According to a recent study published in Environmental Science & Technology, over 90% of salt brands sampled around the globe were found to contain microplastics, with the highest number coming from salt sourced in Asia.
The study analyzed 39 various salt brands globally, showing that plastic contamination in sea salt was highest, followed by lake salt, then rock salt – an indicator of the levels of plastic pollution in the areas where the salt was sourced.
“Recent studies have found plastics in seafood, wildlife, tap water, and now in salt. It’s clear that there is no escape from this plastics crisis, especially as it continues to leak into our waterways and oceans,” said Mikyoung Kim, Campaigner at Greenpeace East Asia. “
In order to stop plastic pollution at its source it is essential to immediatly compel corporations to reduce their reliance on disposable plastics. Americans used about 50 billion plastic bottles last year and more than 500 million plastic straws. Single-use disposable foodware is a major factor in the plastic now polluting the world’s oceans, drinking water, and food.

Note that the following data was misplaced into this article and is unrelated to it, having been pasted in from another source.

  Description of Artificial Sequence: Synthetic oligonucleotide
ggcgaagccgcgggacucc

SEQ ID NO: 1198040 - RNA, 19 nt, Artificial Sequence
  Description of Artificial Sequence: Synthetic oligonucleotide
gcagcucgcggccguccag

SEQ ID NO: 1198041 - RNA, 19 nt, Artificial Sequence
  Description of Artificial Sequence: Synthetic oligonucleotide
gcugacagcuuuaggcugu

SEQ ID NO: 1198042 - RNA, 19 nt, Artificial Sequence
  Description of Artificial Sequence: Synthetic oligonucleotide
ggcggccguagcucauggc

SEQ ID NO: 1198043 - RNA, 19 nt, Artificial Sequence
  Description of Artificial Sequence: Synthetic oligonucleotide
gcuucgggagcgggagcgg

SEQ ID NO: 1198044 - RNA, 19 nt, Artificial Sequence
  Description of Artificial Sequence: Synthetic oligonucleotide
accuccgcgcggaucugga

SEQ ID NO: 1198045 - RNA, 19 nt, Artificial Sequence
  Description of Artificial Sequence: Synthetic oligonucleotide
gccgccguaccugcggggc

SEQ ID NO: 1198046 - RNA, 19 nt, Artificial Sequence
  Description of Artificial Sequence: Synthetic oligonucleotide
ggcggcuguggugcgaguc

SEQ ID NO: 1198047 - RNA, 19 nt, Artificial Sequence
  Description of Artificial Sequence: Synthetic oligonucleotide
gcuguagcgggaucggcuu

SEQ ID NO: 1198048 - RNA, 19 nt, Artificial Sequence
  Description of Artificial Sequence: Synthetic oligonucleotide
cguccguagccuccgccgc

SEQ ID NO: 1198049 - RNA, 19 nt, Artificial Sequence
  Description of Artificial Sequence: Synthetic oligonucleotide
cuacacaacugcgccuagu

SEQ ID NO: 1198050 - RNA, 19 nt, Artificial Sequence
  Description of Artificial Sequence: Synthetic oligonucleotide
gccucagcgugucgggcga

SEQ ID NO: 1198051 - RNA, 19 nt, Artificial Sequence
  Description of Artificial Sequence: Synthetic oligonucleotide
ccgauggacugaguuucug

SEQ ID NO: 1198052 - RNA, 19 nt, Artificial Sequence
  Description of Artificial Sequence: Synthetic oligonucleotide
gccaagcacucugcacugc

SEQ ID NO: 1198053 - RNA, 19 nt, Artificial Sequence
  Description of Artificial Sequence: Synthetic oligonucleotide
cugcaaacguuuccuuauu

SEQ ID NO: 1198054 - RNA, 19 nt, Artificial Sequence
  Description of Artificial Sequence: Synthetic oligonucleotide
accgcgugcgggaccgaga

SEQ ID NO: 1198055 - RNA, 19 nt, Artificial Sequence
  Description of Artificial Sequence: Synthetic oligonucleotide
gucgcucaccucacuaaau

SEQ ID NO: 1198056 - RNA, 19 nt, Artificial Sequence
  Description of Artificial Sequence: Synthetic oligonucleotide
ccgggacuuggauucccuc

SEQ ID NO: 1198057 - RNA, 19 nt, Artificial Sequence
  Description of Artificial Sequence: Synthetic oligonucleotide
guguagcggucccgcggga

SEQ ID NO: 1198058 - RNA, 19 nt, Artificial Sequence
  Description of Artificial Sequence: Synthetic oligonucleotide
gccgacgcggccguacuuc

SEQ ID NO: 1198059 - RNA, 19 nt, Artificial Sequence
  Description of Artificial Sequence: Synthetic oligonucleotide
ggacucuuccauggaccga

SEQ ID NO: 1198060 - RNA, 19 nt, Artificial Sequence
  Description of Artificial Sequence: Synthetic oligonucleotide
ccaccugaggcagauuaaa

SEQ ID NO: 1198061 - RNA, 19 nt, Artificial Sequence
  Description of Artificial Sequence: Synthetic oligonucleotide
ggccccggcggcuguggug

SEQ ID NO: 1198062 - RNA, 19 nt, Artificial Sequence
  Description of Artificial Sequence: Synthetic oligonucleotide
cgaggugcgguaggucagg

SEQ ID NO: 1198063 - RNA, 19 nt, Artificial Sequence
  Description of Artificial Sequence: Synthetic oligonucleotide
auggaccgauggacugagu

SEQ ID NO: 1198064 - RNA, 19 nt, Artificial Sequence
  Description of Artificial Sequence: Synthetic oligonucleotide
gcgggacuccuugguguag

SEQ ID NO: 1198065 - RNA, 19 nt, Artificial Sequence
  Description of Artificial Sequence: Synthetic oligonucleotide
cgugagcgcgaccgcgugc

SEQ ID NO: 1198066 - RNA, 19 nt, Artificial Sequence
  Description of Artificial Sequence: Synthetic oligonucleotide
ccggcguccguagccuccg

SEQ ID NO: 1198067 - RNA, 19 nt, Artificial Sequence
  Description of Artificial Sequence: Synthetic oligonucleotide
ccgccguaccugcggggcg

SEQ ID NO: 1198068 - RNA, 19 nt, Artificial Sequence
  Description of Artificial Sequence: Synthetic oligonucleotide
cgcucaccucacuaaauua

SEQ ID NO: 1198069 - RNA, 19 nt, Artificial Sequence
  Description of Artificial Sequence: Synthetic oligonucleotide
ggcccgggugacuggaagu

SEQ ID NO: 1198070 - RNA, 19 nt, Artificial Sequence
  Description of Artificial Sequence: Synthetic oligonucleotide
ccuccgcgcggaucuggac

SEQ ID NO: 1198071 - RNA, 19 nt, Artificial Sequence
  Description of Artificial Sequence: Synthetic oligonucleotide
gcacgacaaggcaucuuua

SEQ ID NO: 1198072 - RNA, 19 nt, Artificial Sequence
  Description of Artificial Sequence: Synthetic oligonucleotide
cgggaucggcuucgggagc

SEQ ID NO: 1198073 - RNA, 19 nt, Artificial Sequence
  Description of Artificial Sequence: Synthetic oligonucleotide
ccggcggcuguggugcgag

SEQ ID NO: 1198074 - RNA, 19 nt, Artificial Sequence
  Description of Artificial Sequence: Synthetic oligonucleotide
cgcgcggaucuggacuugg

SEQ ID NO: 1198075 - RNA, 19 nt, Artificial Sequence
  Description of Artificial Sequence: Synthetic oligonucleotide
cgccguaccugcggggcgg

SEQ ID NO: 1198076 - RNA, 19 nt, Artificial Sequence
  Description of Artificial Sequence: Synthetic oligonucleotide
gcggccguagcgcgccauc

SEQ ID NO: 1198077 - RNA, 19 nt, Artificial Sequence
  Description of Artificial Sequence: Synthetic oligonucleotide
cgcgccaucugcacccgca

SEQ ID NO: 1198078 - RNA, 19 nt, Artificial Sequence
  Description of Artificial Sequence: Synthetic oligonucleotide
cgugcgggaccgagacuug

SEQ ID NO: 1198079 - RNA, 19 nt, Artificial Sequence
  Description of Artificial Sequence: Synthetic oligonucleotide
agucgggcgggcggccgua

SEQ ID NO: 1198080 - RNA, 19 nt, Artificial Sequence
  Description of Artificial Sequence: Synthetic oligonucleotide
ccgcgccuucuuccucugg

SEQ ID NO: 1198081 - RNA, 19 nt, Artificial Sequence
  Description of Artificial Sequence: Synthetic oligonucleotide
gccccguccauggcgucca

Last year Greenpeace along with the Break Free From Plastic coalition released a report naming Coca-Cola, PepsiCo, and Nestlé as among the most frequent companies whose packaging relies on the single-use plastics that pollute our oceans and waterways globally. If current plastic use remains unchecked scientists actually project that we’ll have a greater volume of plastic in the ocean than fish by the year 2050.